Scientists believe that children with autism spectrum disorder (ASD) have difficulties in social interactions at least partly due to an inability to understand other peopleâ€™s thoughts and feelings through a process called “theory of mind,” or ToM.
A new innovative brain imaging study has uncovered new evidence explaining why ToM deficiencies are present in ASD children. The researchers found disruptions in the brain’s circuitry involved in ToM at multiple levels compared to typical brain functioning. The findings provide valuable insight into an important neural network tied to the social symptoms in children with ASD.
“Reduced brain activity in ToM-related brain regions and reduced connectivity among these regions in children with autism suggest how deficits in the neurobiological mechanisms can lead to difficulties in cognitive and behavioral functioning, such as theory of mind,” said Marcel Just, the D.O. Hebb University Professor of Psychology at Carnegie Mellon University.
“Weaker coordination and communication among core brain areas during social thinking tasks in autism provides evidence for how different brain areas in autism struggle to work together as a team.”
The researchers used an approach first developed by Fulvia Castelli and her colleagues in the U.K. that created animation videos showing two geometric shapes moving around the screen. The shapes, such as a large red triangle and a small blue triangle, moved in ways that could be perceived as an interaction between them, such as coaxing or dancing.
The team demonstrated that “seeing” the interactions was in the mind of the beholder, or to be more specific, in the ToM circuitry of the viewer’s brain. Without ToM, it just looked like geometric shapes moving around the screen.
To better understand the the neural mechanisms involved with ToM, the scientists asked 13 high-functioning children with ASD between the ages of 10 and 16 as well as 13 similarly aged children without ASD to watch these short animated films. The children were asked to identify the thoughts and feelings, or mental states, of those triangles while having their brains scanned by an fMRI scanner.
The ASD children showed significantly reduced activation compared to the control group children in the brain regions considered to be part of the ToM network, such as the medial frontal cortex and temporo-parietal junction. Furthermore, the synchronization between such pairs of regions was lower in the autism group.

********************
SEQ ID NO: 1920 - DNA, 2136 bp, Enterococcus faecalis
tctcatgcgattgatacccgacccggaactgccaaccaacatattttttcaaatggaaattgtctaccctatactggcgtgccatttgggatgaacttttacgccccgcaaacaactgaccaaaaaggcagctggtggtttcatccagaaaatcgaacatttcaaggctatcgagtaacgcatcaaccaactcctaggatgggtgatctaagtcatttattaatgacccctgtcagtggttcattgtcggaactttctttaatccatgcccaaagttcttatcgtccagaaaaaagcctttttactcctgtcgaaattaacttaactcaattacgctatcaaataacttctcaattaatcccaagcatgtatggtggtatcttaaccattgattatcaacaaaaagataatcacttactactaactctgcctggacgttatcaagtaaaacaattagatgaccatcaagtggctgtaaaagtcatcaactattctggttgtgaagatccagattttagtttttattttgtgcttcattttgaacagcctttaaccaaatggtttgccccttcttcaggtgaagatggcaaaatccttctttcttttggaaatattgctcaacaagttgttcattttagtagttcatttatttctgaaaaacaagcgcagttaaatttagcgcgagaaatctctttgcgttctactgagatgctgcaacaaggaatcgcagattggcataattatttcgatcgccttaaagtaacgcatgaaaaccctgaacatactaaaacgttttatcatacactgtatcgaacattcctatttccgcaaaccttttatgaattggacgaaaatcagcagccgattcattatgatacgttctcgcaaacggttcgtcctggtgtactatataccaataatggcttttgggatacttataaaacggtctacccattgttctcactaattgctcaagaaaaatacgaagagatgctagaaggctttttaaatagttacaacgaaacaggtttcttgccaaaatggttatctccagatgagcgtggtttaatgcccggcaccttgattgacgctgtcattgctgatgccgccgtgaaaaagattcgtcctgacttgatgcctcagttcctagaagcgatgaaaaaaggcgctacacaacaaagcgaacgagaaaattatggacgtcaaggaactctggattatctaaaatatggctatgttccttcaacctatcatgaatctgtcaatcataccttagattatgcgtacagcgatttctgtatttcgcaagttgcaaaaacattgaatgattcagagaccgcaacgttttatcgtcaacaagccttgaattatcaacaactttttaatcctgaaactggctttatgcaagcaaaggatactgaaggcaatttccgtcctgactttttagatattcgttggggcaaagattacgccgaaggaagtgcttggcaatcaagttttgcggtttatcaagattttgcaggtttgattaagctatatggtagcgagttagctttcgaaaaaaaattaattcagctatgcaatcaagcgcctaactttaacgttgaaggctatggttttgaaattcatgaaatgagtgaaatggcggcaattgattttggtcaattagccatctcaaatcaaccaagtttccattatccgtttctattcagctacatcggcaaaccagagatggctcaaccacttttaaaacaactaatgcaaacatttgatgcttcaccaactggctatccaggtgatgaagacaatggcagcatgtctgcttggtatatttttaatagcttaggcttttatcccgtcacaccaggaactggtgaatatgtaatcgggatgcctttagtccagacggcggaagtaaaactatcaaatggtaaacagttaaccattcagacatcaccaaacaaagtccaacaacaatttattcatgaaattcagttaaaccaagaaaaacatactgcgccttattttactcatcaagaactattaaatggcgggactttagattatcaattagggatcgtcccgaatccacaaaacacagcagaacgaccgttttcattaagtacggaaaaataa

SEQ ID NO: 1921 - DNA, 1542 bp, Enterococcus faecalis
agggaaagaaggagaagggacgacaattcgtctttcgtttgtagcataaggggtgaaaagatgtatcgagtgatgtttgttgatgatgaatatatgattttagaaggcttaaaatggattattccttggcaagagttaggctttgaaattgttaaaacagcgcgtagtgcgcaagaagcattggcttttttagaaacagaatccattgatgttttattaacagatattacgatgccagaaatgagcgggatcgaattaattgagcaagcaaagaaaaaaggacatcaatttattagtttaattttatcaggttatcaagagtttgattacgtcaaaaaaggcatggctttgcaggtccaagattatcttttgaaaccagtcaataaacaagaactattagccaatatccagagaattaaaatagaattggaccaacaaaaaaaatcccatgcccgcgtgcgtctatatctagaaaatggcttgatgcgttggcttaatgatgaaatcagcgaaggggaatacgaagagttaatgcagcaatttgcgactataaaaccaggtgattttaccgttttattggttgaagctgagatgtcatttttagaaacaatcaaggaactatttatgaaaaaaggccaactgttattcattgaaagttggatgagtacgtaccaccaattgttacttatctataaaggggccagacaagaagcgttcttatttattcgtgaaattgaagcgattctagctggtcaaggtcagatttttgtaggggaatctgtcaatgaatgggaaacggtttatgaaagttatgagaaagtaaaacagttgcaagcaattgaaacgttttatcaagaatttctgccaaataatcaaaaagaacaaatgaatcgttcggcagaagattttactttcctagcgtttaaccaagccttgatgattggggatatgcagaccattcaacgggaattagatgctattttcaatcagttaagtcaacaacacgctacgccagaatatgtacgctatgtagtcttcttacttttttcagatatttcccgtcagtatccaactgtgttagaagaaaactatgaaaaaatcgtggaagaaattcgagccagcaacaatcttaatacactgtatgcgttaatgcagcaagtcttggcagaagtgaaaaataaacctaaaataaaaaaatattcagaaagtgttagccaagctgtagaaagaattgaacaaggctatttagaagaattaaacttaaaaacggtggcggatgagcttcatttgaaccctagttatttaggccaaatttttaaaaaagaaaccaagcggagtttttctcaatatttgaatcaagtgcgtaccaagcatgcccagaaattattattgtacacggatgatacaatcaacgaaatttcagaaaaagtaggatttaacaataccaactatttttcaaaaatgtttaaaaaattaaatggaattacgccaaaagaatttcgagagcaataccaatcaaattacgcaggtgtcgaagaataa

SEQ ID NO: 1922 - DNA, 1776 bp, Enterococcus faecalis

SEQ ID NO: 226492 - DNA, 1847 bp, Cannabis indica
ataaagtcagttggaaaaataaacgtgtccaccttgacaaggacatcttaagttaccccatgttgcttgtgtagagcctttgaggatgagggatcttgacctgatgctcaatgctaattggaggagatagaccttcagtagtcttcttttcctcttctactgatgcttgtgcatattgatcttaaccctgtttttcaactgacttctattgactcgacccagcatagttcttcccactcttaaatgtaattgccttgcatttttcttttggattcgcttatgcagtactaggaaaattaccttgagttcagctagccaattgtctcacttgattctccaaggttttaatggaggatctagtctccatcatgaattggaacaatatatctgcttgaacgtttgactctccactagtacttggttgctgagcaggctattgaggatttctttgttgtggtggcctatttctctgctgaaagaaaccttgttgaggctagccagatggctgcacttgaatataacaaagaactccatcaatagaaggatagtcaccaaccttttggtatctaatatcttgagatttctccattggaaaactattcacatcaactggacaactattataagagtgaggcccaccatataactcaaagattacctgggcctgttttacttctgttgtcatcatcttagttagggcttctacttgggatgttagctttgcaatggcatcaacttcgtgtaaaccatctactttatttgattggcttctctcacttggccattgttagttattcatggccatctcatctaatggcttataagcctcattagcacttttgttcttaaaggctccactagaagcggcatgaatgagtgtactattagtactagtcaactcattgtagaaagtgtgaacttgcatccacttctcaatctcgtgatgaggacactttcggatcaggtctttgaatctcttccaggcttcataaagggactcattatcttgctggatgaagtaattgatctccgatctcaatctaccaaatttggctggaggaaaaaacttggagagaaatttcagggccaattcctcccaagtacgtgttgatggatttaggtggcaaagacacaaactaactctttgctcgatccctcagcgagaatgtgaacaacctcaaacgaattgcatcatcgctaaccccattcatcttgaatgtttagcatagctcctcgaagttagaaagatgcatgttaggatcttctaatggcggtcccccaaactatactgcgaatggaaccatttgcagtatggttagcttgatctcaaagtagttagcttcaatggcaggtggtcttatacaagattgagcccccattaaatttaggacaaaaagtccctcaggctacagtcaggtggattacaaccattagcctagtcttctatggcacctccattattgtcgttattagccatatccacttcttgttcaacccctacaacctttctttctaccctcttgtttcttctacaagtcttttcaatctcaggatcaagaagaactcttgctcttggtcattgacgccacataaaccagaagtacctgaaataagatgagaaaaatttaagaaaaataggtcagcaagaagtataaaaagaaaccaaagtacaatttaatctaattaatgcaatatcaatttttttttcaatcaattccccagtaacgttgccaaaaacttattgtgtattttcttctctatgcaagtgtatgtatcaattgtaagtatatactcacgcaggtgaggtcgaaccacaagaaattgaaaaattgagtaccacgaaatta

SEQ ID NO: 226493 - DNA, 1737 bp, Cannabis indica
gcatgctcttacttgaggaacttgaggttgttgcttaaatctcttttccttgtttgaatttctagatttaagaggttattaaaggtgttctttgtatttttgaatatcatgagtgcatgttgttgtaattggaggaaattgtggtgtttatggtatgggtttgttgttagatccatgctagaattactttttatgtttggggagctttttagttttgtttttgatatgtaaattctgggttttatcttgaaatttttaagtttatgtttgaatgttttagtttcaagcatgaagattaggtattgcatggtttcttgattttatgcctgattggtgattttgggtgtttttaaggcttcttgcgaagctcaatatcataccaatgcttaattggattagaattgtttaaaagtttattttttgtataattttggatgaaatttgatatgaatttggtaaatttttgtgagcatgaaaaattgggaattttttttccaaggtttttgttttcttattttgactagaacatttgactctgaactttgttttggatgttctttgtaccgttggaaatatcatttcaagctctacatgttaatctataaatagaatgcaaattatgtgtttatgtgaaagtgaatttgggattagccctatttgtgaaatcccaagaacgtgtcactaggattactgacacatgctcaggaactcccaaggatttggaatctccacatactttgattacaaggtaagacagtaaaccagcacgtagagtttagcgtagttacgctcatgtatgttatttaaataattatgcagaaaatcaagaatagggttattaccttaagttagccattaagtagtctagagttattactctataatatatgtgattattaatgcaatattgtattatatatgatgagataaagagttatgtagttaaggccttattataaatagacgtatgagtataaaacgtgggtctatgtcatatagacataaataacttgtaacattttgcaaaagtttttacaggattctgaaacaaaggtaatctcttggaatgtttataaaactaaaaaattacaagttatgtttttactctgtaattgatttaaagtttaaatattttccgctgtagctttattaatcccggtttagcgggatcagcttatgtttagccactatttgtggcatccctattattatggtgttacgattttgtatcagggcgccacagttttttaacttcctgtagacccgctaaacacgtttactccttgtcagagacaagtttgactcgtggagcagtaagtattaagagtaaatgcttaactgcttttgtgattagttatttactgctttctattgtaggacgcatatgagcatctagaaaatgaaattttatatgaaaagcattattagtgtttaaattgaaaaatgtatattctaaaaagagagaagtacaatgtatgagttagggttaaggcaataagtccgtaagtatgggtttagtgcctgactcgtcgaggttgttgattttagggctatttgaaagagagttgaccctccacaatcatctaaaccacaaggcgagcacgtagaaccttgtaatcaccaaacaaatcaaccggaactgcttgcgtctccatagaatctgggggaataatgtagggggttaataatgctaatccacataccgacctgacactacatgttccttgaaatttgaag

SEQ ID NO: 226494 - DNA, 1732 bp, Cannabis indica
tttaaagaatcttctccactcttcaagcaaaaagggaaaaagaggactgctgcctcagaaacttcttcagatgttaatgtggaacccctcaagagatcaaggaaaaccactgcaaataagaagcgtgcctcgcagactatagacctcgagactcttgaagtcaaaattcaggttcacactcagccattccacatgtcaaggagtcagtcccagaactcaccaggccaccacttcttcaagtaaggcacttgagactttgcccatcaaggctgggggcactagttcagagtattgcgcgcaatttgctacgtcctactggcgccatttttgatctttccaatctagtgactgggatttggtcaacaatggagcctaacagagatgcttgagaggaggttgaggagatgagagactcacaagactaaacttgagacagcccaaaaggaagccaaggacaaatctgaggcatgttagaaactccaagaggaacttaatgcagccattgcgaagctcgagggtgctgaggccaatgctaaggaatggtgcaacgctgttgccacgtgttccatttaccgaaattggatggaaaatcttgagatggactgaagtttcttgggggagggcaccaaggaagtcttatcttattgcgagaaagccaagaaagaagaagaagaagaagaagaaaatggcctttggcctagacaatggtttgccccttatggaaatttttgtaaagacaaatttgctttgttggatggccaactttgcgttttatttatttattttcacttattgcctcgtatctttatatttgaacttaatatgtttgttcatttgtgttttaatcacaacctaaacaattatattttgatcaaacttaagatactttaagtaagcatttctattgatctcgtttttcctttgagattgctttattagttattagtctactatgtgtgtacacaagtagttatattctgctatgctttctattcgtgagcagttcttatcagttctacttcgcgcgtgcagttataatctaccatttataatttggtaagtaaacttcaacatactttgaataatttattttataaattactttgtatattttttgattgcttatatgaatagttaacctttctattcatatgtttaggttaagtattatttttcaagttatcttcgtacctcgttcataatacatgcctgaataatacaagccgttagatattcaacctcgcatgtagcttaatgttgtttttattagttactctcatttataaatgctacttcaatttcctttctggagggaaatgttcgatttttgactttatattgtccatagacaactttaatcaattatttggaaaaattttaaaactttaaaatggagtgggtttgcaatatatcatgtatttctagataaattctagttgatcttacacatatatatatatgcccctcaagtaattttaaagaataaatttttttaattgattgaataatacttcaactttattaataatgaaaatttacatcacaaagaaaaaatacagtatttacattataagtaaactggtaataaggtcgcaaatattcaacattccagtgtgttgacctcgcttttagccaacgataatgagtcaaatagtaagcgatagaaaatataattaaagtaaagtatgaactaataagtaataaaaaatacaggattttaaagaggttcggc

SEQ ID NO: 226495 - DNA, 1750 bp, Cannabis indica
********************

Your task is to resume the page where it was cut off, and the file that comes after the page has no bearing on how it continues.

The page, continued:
The findings support Just’s previous research in 2004 which discovered this lower synchronization. In later studies, Just continued to show how this theory accounted for many brain imaging and behavioral findings during tasks that are heavily linked to the frontal cortex.
“One reason this finding is so interesting is that the ‘actors’ in the films have no faces, facial expressions or body posture on which to base a judgment of an emotion or attitude,” said Rajesh Kana, associate professor of psychology at the University of Alabama at Birmingham.
“The neurotypical children managed to identify a social interaction without social cues, such as interpreting the large triangle nudging the smaller one as a parent’s attempt to encourage a child, but the ASD children were unable to make the connection.”
Until now, most research focused on the connectivity among core brain regions in ASD has focused on adults, limiting knowledge about how the disorder affects younger people.
“By studying children, we were able to show that it is possible to characterize the altered brain circuitry earlier in development, which could lead to designing earlier effective intervention programs that could train children to infer the intentions and thoughts that underlie physical interactions between people,” Just said. “For example, children could be trained to distinguish between a helpful nudge and a hostile poke.”
The findings are published in the journal Molecular Autism.